When I say “American food” to you, what is the first thing that pops into your head? For most people, this phrase evinces notions of barbecue, burgers, fries, pot roast, meatloaf, mashed potatoes, etc. In fact, a good portion of American food is based off the concept of “meat and potatoes” (think McDonalds). Not that this is a bad thing – I love me a good (turkey) burger every once in a while. So when I found out that this month’s country for Regional Recipes was America, I knew I would have to do something within these parameters. Originally, I was going to make a pot roast for the family in the slow cooker while I was home for spring break but I ran out of days before I could get around to it (that, and my father insisted that he pick out the piece of meat, which he never got to go to the store to do…they are very picky about their red meat cuts in that household – my mother can’t even pick out a steak without running it by him first). Upon arriving back at school, I set to thinking again and decided that since it had been awhile since I’d made turkey burgers, I would whip some up.
The thing that I love most about burgers is that they are so versatile. There are so many different options for flavoring and stuffing them…the options are truly endless. I was never actually exposed to one of these unconventional burgers until I started cooking myself and realized just how many variations were out there – to date I’ve made southwestern burgers, greek burgers, blue cheese burgers, turkey/lentil/moroccan burgers, and salsa verde burgers, not to mention a whole slew of bean-based veggie burgers. All of these are much more enticing than the plain old cheeseburgers my parents had us live off of every summer. The best part, though, is that with the George Foreman grill, I can eat them year round and they are NEVER dry. My one burger rule, however, is that they have to be stuffed with onions – as long as you do that, you can’t go wrong.
I have tons of burger recipes bookmarked and stowed away, but when choosing which one to make I decided to look to the self-proclaimed queen of burgers – Rachael Ray. I went with her Chicken BBQ burgers and they were nice and juicy, infused with just the right amount of bbq flavor. I really liked that the recipe called for caramelizing red onions in tomato paste before adding them to the meat mix – that added a nice flavor. To go with them, I knew I wanted a potato dish and so after hunting around, I found a recipe for Texas Home Fries on Sweetnicks that looked appealing (can you say diner food?). All in all, it was a good meal.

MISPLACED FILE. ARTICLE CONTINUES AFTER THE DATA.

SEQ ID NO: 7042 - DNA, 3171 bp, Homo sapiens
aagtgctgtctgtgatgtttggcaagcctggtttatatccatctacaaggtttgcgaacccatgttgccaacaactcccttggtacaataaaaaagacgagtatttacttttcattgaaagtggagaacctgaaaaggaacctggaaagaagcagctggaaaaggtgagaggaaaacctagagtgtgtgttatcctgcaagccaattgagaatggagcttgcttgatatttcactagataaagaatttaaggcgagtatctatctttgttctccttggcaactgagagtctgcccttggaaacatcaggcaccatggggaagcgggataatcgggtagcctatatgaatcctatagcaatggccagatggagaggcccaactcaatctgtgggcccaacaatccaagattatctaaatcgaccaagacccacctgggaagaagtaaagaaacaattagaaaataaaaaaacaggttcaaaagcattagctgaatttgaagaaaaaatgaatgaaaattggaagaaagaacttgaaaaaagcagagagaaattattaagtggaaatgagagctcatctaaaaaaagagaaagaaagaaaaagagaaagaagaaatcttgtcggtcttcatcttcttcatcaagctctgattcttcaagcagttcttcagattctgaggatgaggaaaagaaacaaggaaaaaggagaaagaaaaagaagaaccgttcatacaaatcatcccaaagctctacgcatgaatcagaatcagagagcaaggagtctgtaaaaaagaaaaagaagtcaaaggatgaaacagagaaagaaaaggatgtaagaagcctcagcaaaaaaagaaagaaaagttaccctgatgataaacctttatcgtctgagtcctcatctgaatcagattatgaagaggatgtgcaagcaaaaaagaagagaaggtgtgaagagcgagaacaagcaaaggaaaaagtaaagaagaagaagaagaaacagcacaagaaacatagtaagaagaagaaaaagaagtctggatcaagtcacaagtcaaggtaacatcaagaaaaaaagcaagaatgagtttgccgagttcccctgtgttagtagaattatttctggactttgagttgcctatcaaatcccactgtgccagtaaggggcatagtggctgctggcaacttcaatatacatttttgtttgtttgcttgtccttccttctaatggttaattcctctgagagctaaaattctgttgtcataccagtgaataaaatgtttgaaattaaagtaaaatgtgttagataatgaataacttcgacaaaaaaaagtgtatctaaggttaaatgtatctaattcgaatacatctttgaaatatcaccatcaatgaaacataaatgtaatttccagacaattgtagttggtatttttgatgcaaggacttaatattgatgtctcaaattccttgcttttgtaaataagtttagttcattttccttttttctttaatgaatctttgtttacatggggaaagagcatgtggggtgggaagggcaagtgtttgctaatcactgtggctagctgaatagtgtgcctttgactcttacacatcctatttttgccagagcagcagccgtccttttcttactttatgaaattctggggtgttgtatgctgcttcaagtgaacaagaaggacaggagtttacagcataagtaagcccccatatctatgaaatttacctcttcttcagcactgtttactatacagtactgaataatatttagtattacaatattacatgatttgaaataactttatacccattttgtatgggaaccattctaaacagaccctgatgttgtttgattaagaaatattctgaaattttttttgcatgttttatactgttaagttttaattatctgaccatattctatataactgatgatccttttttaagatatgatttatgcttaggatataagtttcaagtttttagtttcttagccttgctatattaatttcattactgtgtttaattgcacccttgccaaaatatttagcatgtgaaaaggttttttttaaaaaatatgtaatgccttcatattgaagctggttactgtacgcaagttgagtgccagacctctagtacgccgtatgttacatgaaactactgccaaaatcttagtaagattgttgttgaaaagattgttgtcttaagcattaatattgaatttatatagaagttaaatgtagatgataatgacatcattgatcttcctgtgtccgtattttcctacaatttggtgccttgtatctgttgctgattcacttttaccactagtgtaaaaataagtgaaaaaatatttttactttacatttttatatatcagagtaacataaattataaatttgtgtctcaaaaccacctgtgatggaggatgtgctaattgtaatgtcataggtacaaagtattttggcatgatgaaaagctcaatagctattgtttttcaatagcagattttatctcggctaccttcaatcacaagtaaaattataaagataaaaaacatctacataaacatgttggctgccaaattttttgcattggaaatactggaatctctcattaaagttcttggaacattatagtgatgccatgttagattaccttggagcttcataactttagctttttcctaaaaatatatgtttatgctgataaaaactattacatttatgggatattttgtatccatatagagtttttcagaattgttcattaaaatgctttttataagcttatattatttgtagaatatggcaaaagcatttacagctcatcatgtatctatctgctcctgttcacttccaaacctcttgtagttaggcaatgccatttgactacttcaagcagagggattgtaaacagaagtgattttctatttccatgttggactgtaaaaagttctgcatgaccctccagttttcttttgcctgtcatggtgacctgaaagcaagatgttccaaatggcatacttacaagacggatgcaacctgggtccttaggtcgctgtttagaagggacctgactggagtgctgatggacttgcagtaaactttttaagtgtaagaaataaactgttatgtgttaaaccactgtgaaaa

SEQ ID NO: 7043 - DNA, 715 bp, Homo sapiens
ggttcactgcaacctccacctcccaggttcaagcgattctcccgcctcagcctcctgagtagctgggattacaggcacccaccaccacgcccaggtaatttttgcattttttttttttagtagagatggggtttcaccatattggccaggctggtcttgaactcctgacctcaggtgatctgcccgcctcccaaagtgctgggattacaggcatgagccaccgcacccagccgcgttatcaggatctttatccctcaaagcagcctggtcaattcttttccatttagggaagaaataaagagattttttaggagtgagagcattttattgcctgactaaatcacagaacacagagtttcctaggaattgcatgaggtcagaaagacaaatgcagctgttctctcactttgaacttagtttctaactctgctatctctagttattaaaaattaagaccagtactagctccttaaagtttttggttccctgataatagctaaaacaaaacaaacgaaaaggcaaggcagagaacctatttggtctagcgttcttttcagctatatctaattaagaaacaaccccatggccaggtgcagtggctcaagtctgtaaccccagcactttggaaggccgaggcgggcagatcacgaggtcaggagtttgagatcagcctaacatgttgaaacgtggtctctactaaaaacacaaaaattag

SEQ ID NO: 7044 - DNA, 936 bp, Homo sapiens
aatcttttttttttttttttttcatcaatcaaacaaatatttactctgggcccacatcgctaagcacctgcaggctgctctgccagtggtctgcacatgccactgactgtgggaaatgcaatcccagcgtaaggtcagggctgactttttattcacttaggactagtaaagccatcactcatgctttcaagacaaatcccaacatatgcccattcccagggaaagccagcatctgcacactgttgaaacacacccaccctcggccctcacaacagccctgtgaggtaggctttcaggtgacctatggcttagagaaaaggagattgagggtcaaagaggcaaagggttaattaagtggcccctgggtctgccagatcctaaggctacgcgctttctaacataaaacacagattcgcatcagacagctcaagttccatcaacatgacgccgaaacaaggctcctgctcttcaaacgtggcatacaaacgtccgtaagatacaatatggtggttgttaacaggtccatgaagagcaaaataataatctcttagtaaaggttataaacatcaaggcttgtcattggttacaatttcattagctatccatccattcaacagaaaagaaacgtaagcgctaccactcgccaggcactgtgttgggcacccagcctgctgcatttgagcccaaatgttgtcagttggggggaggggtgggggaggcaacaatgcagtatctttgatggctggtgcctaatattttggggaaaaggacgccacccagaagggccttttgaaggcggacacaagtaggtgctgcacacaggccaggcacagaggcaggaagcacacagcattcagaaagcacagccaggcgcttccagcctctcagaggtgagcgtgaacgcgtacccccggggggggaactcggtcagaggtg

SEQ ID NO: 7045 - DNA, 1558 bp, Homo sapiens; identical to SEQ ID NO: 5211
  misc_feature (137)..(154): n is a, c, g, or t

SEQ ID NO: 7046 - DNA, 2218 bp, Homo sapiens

BBQ Chicken Burgers (I used turkey)
Serves 4, adapted from Rachael Ray
1 tbsp light butter
1 large red onion (she called for a small one but I say the more onion, the better)
2 cloves garlic, finely chopped
2 tbsp tomato paste
1 tsp sugar
1 tbsp worcestershire sauce
1 tbsp buffalo sauce
1.3 lb extra lean ground turkey
1 tbsp hamburger seasoning
In a small skillet, melt the butter. Add the chopped onions, garlic, and tomato paste. Sweat them for about five minutes. Sprinkle in the sugar and remove from the heat once it is mixed in. Let cool for about five minutes.
Add tomato paste mixture, hot sauce, and worcestershire sauce to a bowl. Mix in turkey and seasoning and combine (this is the ooey gooey get your hands dirty part). Form into 4 burgers. Heat the George Foreman grill (or an outdoor grill or fry them or bake them) and cook the burgers for 4-5 minutes each.
I served these on english muffins and with cheddar cheese.
Texas Home Fries
Serves 3, adapted from Sweetnicks
1 1/2 lb red potatoes
1 large yellow onion
1 red bell pepper
2 tbsp butter
1/2 tbsp paprika
salt and pepper to taste
Microwave or boil the potatoes until done. Chop into small-ish pieces. Heat a skillet and saute onion and bell pepper in butter. When they are tender, add potatoes and cook until golden brown. To speed this up, don’t stir them around. Add paprika and season to taste with salt and pepper.